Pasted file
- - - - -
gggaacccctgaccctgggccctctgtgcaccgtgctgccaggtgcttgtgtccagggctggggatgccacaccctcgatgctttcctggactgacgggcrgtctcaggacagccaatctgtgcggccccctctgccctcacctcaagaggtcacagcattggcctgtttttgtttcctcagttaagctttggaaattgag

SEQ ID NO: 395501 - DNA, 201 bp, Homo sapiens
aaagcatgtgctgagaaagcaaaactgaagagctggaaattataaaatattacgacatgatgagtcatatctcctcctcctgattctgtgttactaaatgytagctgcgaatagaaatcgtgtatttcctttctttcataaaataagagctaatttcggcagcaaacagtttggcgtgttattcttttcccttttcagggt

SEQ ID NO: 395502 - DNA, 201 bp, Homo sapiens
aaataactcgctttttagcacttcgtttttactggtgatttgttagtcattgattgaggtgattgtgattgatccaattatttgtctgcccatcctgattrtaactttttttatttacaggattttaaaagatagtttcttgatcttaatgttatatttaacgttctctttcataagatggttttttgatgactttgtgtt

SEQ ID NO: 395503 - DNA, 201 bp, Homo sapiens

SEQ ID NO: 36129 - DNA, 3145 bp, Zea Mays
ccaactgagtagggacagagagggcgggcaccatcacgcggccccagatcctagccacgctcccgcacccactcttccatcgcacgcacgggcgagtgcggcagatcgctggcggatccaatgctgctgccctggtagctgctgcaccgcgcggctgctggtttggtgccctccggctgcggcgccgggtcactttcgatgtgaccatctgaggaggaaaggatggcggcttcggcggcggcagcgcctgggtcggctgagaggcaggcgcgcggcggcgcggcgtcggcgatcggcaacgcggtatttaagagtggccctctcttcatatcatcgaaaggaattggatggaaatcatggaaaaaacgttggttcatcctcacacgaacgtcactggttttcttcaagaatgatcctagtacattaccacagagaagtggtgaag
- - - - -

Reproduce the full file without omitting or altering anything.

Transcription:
gggaacccctgaccctgggccctctgtgcaccgtgctgccaggtgcttgtgtccagggctggggatgccacaccctcgatgctttcctggactgacgggcrgtctcaggacagccaatctgtgcggccccctctgccctcacctcaagaggtcacagcattggcctgtttttgtttcctcagttaagctttggaaattgag

SEQ ID NO: 395501 - DNA, 201 bp, Homo sapiens
aaagcatgtgctgagaaagcaaaactgaagagctggaaattataaaatattacgacatgatgagtcatatctcctcctcctgattctgtgttactaaatgytagctgcgaatagaaatcgtgtatttcctttctttcataaaataagagctaatttcggcagcaaacagtttggcgtgttattcttttcccttttcagggt

SEQ ID NO: 395502 - DNA, 201 bp, Homo sapiens
aaataactcgctttttagcacttcgtttttactggtgatttgttagtcattgattgaggtgattgtgattgatccaattatttgtctgcccatcctgattrtaactttttttatttacaggattttaaaagatagtttcttgatcttaatgttatatttaacgttctctttcataagatggttttttgatgactttgtgtt

SEQ ID NO: 395503 - DNA, 201 bp, Homo sapiens

SEQ ID NO: 36129 - DNA, 3145 bp, Zea Mays
ccaactgagtagggacagagagggcgggcaccatcacgcggccccagatcctagccacgctcccgcacccactcttccatcgcacgcacgggcgagtgcggcagatcgctggcggatccaatgctgctgccctggtagctgctgcaccgcgcggctgctggtttggtgccctccggctgcggcgccgggtcactttcgatgtgaccatctgaggaggaaaggatggcggcttcggcggcggcagcgcctgggtcggctgagaggcaggcgcgcggcggcgcggcgtcggcgatcggcaacgcggtatttaagagtggccctctcttcatatcatcgaaaggaattggatggaaatcatggaaaaaacgttggttcatcctcacacgaacgtcactggttttcttcaagaatgatcctagtacattaccacagagaagtggtgaag